Designs can be as simple as filling in an outline of a letter, number, or shape for young kids, or creating a seasonal picture for older children. 

Try to encourage students to create their picture without an outline behind it.  If they feel they’d prefer one, have them draw it using simple shapes and lines.  Or provide them with a template.

First, have your students create an outline if they wish to have one.

Then, choose colors construction paper scraps to use. Tear into desired sizes and shapes.

The goal is creating texture on the edges of the paper during tearing.  Grading of movements are needed for tearing various sizes of scraps. 

For smaller details or for tearing long thin strips of paper, more precise finger movements are needed with a pincer grasp. The fingers need to shift the paper while also gently separating it.

Next, use the glue stick directly on the large plain paper for background pictures or larger parts of the picture. 

When gluing small pieces or thin strips, it’s sometimes easier to pick up each piece and slide it over the top of the glue stick before placing it on the paper.  

Example One: Fall Tree with Two Toned Leaves

If an outline is desired, draw a single straight line for the trunk and then add the branches.  Tear paper for the tree trunk and the tree branches. 

Choose colors for the leaves.  Tear small leaves. 

Start building the tree first from the bottom -> up.  Glue the trunk and branches first. Place leaves on the tree as desired!

Add other elements to the picture’s background and foreground. 

An alternative for this example using different materials could include pipe cleaners for the tree and construction paper or tissue paper for the leaves and other details.  Tearing and scrunching pieces of tissue paper is also good fine motor practice.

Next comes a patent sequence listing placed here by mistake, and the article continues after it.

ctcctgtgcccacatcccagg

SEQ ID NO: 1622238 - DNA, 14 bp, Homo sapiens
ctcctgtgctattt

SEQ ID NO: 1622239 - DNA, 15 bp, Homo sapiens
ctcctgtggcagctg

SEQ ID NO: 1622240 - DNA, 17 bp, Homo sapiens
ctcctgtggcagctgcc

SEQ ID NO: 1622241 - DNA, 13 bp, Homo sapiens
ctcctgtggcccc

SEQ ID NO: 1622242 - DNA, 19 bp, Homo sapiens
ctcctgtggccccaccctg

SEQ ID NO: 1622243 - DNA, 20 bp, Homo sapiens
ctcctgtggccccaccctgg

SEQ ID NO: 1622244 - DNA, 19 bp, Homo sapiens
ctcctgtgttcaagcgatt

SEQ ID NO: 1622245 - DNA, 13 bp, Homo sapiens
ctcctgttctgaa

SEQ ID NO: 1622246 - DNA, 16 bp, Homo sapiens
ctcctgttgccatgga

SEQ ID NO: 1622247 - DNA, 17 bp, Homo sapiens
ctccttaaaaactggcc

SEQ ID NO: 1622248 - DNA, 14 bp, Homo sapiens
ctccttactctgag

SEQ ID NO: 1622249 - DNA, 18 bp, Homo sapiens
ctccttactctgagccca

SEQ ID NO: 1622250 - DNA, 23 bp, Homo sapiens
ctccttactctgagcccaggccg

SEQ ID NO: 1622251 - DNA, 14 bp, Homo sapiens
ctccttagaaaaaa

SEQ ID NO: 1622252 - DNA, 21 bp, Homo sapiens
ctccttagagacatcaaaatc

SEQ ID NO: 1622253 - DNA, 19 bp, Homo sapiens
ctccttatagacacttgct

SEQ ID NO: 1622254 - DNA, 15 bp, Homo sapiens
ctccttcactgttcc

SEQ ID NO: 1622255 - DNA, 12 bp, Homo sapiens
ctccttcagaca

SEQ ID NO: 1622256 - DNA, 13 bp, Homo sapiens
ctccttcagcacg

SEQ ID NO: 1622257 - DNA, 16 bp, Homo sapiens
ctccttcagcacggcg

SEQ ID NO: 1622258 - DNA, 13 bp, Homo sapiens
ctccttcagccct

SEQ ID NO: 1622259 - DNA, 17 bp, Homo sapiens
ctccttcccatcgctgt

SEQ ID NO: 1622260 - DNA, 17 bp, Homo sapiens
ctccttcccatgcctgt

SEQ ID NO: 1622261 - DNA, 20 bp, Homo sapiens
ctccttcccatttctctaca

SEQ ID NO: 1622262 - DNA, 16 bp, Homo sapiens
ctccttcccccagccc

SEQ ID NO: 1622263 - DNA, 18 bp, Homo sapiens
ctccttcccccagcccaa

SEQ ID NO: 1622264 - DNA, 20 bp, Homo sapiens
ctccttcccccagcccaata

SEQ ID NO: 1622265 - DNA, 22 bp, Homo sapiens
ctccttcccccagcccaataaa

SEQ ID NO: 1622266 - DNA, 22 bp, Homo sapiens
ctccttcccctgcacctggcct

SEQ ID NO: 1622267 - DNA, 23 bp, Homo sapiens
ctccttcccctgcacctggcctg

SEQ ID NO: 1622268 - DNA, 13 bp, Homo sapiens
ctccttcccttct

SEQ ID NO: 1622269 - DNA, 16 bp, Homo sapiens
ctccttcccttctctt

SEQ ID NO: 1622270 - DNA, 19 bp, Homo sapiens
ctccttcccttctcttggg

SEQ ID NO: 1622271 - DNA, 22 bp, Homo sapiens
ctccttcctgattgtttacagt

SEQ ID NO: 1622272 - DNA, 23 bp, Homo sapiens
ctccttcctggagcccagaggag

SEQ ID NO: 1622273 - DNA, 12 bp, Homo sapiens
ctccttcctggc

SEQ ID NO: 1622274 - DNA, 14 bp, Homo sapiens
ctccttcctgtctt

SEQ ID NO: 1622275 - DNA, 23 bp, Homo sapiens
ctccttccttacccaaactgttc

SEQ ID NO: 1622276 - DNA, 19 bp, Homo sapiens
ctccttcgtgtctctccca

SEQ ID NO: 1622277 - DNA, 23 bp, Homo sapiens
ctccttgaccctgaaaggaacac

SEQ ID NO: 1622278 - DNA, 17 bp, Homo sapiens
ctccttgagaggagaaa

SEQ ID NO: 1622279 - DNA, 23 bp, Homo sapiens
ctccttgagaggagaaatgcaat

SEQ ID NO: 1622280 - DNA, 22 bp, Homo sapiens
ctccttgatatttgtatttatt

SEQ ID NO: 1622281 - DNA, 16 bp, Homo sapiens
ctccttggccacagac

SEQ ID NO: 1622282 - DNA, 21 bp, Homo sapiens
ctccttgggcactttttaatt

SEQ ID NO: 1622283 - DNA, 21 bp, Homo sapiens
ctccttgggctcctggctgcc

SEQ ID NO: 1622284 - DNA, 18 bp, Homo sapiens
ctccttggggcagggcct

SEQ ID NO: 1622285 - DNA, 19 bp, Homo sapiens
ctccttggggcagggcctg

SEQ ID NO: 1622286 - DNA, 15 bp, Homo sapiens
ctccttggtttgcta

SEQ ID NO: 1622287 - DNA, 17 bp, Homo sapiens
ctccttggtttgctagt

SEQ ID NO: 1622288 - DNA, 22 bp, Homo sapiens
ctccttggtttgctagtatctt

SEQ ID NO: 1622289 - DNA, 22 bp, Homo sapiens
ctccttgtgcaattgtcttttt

Example Two: Thanksgiving Turkey or Bird

For the outline (if needed), draw a larger circle in the center of the paper for the body. 

Add a tall oval to the left, slightly overlapping the circle (see photo.) 

Draw a circle to the top left of the oval for the turkey’s head.

Make straight lines down from the body for the legs and feet.

Tear paper for the body and feathers.  If desired, the entire turkey can be multi-colored with smaller pieces of construction paper.  (My son made this example. He chose to make a brown body and a fan of colorful feathers.)

Smaller, more detailed pieces of paper are required for the feet, beak, waddle and eye.

Glue the body, neck and head.  Then add the feathers, feet, and other small details. 

Depth can be added to the picture by only gluing the base of the feathers and curling the tips off the paper.

Add other elements as desired to the picture’s background and foreground.  Also, you could add googly eyes to your turkey or bird. 

Example Three: Simple Christmas Tree

The outline for the tree can be as simple as a large isosceles triangle.  Or, you can have students draw the jagged edges of the tree.    

Tear green strips of paper for the tree.  Have students try to make some of the green pieces triangular in shape.  Or, it would work to use more long thin pieces.